Texting while walking and being cognitively distracted may significantly affect the way a person walks, resulting in a more cautious gait, according to a study published July 29, 2015 in the open-access journal PLOS ONE led by Dr. Conrad Earnest of Texas A&M University and colleagues from the University of Bath, UK.
Walkers regularly text on a mobile phone while navigating city sidewalks, but little research has been done to examine how the walkers' gait may change when texting. The authors of this study examined the effect of texting and walking while being cognitively distracted and negotiating curbs and other common pedestrian obstacles. Thirty participants, 18-50 years-old, completed three randomized, walking tasks through an obstacle course while: (1) walking normally, (2) texting and walking, and (3) texting and walking while being cognitively distracted with a math test. The researchers analyzed the walkers gait using a 3-dimensional motion analysis system and modeled each task to assess differences between each trial.
The authors found that participants took significantly longer to complete the course while texting and being cognitively distracted compared to just walking. Texting while being cognitively distracted also increased obstacle clearance, step frequency, and decreased ability to walk in a straight line. The authors of the study suggest participants when faced with cognitive challenges decrease their walking speed to avoid accidents. The authors suggest this study group may be more familiar with walking while interacting with mobile phones and that further research may be needed to examine older participants, who may be at a greater risk of tripping with such walking deviations.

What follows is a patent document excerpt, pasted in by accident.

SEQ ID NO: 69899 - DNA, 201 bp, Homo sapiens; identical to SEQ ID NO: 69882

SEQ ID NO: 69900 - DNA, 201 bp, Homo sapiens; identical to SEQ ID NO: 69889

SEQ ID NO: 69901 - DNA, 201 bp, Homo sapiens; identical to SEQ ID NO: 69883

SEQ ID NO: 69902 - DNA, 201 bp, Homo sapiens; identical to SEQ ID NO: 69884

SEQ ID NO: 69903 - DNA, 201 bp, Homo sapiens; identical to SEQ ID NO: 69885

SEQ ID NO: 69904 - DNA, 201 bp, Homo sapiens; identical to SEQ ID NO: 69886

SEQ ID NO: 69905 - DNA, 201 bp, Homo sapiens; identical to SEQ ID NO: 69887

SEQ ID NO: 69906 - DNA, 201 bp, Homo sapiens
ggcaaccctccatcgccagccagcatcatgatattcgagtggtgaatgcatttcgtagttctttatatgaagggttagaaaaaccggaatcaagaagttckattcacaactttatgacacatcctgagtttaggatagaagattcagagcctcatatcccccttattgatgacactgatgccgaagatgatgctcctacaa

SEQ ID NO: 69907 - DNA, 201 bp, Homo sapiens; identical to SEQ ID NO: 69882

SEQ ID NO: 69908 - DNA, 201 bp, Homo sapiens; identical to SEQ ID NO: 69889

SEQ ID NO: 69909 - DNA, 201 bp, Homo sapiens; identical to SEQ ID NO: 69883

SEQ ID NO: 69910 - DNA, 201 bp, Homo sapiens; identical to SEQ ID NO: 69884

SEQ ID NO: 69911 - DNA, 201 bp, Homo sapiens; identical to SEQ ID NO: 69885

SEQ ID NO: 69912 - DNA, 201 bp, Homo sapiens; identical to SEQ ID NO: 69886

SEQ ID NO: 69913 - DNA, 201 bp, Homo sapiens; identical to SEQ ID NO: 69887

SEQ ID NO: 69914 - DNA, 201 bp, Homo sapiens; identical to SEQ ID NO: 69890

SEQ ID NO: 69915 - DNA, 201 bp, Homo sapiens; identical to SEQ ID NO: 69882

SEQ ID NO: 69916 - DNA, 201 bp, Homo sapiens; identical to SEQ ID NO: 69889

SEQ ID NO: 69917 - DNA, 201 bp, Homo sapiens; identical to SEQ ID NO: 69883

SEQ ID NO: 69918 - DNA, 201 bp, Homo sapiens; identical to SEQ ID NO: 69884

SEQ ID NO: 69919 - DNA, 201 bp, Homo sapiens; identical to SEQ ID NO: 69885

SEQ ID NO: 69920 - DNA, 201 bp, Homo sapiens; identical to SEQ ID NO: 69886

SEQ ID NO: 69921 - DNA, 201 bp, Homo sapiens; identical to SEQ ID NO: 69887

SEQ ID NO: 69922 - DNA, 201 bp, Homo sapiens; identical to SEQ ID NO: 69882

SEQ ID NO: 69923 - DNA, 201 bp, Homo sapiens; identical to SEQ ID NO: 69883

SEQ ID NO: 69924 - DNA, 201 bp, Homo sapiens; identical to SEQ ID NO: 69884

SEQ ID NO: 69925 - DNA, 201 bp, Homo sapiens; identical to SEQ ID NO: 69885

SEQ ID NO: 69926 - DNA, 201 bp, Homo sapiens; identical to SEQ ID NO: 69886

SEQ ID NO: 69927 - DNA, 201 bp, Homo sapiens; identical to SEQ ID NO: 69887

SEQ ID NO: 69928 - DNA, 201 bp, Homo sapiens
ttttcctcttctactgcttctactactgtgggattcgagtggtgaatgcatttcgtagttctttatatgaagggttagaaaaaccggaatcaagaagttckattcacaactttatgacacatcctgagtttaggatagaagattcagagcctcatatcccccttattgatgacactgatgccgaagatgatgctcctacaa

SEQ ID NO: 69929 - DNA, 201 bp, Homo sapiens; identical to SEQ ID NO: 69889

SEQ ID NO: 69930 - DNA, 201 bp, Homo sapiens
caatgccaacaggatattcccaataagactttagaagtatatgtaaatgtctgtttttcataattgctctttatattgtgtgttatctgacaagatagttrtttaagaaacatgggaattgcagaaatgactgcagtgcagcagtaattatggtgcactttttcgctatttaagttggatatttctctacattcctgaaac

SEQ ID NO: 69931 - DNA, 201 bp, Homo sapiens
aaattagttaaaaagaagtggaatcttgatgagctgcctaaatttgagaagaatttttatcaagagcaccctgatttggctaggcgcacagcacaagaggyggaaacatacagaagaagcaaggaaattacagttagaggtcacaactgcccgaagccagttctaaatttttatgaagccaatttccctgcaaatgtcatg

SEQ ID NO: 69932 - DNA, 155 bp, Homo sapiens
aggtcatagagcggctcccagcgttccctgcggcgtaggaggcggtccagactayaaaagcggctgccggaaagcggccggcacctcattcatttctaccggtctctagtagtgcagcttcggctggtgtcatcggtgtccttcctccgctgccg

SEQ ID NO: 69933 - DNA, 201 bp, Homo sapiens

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Citation: Licence S, Smith R, McGuigan MP, Earnest CP (2015) Gait Pattern Alterations during Walking, Texting and Walking and Texting during Cognitively Distractive Tasks while Negotiating Common Pedestrian Obstacles. PLOS ONE 10(7): e0133281. doi:10.1371/journal.pone.0133281
Funding: Funding for this project was obtained from internal monies within the Dept. of Health
Competing Interests: The authors have declared that no competing interests exist